What We Talk About When We Talk About Disney

Last January I finally got the chance to teach a course on Disney.

Many of my colleagues have been mocking me for years for  being a Disney “fan,” because I go to Disneyland while they are all, of course, too savvy and too cynical to be taken in by the insidious marketing strategies of the media monster.

Centaurettes
Centaurettes at ‘Fantasia’ screening. These are not me.

But I will confess right now, I am not a true “fan” in the sense that we use that term today. I do not cosplay. I do not fan-fict. I do not adore all things Disney. I don’t think “Walt” was a god who could do no wrong, and I did not grow up in princess attire. In fact, my un-fan-ness disappointed many of my Disney class students.

Both points-of-view confuse me. I can neither dismiss “Disney” as the ultimate evil empire of capitalism, nor embrace it unquestioningly as the font of all dreams and goodness.

Of course, this begs the question: What do we mean when we talk about…Disney-Logo-Global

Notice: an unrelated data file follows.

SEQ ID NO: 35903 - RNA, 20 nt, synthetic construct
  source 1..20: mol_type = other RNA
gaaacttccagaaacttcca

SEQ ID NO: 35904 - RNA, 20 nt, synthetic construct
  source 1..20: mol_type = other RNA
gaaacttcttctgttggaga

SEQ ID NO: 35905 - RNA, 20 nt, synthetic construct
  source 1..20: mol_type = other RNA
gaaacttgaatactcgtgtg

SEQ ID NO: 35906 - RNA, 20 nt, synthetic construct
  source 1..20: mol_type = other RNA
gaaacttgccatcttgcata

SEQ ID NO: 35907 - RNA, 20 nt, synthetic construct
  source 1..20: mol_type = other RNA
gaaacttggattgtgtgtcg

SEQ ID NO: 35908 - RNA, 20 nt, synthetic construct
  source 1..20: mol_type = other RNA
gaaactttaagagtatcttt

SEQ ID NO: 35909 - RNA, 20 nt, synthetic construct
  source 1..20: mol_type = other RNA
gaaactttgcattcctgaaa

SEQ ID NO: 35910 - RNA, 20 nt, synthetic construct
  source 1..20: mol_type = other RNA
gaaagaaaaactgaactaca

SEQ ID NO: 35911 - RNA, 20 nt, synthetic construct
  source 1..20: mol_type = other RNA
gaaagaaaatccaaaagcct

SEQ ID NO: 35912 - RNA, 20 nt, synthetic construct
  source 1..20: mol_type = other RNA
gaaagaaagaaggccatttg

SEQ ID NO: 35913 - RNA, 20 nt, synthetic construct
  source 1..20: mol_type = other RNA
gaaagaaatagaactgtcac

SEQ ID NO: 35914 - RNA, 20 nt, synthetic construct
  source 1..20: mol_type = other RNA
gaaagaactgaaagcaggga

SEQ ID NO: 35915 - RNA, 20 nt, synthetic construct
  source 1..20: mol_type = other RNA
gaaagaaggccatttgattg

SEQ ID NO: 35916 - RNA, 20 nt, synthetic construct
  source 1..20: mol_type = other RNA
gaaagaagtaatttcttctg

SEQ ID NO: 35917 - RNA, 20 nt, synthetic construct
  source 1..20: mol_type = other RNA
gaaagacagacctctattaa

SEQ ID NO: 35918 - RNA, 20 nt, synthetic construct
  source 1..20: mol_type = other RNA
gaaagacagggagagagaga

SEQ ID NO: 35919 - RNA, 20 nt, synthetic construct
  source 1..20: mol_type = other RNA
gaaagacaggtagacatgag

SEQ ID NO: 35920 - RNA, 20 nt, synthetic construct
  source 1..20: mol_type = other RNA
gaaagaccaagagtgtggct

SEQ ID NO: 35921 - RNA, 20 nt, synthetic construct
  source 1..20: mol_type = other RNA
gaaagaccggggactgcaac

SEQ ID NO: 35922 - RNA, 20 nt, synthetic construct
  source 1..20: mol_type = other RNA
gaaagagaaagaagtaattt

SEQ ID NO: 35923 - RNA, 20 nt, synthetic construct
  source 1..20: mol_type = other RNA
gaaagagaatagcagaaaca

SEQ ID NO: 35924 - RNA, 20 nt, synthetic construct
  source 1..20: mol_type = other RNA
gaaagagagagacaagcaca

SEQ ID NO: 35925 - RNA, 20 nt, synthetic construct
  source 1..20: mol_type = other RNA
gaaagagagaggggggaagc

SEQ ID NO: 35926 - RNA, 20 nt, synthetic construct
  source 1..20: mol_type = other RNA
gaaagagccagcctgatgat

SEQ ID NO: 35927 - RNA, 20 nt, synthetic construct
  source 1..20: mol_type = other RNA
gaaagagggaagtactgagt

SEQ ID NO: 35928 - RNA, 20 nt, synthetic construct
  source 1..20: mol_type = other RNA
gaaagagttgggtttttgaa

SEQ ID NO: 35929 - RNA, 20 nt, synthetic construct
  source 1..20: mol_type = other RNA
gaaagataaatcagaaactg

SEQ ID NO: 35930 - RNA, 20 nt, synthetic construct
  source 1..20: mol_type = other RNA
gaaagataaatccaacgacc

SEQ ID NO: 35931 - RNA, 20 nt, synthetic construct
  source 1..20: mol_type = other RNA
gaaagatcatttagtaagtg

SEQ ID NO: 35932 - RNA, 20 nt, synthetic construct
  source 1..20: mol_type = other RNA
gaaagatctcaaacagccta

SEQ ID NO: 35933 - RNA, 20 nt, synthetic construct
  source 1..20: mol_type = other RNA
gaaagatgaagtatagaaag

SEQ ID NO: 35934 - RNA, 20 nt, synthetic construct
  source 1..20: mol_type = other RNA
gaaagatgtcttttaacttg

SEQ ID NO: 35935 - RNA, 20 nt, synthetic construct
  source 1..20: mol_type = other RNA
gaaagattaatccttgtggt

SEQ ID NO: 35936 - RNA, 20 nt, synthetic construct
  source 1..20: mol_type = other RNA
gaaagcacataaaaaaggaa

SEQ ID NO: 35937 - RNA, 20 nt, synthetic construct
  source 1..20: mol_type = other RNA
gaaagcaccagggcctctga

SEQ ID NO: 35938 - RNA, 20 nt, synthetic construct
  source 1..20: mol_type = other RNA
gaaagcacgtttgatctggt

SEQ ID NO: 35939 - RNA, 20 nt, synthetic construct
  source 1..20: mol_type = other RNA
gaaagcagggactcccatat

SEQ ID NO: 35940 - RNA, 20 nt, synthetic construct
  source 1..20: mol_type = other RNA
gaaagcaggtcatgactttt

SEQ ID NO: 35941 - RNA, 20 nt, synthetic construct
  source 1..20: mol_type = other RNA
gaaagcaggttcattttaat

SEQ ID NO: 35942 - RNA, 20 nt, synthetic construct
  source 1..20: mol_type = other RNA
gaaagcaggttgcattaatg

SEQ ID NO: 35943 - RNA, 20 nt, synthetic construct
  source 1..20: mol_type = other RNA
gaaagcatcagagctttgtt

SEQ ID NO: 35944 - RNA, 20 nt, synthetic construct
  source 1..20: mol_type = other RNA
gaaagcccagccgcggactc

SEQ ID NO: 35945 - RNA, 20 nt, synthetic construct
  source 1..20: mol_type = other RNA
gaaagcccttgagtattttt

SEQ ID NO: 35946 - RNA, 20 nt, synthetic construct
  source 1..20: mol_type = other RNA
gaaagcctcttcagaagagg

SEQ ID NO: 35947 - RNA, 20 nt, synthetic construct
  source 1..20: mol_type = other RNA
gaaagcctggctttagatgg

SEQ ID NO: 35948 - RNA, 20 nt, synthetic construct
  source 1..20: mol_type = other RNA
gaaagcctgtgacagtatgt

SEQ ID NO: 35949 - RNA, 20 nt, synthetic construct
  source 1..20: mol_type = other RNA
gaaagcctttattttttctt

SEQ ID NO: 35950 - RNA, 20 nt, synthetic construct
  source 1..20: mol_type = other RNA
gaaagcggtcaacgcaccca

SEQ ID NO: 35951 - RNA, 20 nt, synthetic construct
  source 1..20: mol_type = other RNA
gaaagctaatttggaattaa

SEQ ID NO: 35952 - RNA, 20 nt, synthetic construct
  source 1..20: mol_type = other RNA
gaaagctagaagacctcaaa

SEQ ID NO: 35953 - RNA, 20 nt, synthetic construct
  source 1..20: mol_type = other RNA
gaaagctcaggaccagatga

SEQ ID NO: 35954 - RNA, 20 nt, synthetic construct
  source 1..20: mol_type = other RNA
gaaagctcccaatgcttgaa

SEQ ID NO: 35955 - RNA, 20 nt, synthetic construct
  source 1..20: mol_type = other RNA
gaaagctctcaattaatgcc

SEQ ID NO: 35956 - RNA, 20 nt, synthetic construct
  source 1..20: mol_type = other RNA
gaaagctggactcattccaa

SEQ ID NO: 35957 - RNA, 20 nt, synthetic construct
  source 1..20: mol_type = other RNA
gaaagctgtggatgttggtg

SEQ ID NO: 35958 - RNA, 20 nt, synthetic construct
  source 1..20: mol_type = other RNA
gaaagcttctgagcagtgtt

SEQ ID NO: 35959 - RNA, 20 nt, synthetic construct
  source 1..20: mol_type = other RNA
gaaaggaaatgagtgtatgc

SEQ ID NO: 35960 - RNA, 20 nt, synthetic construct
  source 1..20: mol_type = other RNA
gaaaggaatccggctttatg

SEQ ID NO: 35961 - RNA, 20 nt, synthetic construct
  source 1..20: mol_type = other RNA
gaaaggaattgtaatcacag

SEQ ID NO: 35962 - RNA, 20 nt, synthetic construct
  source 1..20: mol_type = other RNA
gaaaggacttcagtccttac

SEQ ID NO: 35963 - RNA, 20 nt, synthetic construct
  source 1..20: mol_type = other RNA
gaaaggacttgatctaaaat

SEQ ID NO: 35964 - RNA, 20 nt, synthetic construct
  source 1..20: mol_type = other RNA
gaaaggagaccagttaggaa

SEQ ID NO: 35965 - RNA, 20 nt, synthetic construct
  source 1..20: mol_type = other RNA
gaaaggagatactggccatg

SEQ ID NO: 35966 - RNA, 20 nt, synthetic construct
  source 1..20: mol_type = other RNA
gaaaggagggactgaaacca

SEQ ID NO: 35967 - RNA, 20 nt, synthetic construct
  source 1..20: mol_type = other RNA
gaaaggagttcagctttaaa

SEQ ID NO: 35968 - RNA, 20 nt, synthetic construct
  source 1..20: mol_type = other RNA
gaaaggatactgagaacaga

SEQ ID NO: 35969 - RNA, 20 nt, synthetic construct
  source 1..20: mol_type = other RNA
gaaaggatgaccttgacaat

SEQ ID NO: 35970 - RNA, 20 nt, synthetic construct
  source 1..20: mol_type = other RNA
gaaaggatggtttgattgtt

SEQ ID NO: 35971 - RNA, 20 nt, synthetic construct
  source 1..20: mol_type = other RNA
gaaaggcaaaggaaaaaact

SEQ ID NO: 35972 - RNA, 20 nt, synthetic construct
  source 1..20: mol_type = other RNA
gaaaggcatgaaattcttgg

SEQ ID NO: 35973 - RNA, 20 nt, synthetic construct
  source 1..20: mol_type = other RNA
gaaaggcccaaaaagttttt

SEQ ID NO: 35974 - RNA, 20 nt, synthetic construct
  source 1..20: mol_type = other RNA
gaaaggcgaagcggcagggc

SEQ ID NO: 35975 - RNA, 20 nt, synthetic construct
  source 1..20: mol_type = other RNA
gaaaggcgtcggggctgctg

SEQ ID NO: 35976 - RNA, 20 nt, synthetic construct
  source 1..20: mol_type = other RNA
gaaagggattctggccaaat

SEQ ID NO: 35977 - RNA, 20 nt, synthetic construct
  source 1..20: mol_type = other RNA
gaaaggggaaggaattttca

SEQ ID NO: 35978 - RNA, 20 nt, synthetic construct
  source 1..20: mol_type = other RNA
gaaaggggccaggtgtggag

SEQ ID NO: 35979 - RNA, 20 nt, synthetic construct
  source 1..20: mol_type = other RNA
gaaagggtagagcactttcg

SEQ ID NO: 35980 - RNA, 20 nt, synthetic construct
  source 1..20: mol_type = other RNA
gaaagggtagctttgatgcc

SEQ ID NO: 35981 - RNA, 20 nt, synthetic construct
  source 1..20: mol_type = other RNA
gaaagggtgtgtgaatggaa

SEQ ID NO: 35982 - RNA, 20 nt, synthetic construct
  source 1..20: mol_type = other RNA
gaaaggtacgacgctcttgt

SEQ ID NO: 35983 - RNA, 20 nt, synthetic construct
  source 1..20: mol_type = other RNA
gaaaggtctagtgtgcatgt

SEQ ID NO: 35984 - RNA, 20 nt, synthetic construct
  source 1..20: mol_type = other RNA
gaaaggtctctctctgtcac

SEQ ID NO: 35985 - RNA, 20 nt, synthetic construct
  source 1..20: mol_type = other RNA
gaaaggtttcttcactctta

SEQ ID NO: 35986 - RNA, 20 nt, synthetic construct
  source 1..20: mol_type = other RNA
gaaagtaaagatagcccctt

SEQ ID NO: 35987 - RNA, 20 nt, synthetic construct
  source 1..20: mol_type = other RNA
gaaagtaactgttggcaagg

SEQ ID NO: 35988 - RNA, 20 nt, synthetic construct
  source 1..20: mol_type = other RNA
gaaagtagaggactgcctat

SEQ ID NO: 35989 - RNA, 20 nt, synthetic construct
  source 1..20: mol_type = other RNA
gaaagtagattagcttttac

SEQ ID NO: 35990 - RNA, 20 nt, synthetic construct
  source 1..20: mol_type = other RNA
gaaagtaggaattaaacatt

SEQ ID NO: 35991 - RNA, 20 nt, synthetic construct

The man? The animation studio? The conglomerate behemoth?

“Disney” may be a single corporate hydra, but it isn’t truly a single topic to either love or despise. The Walt Disney Company is a huge and complex commercial enterprise with a long and complicated history. At this writing it is the world’s largest media conglomerate and has the most unique evolutionary tale.

Where does one even begin to think and talk about “Disney?”

Walt and DwarvesThere was, of course, a man… a human man, who was no more or less human than any other man, particularly among those who built that other mega-pan-institution we lazily refer to as “Hollywood.” And no, Disney, the man, is not frozen by the way. That is just one of the many unquestioned and oft-repeated urban legends his memory drags around like Marley’s chains.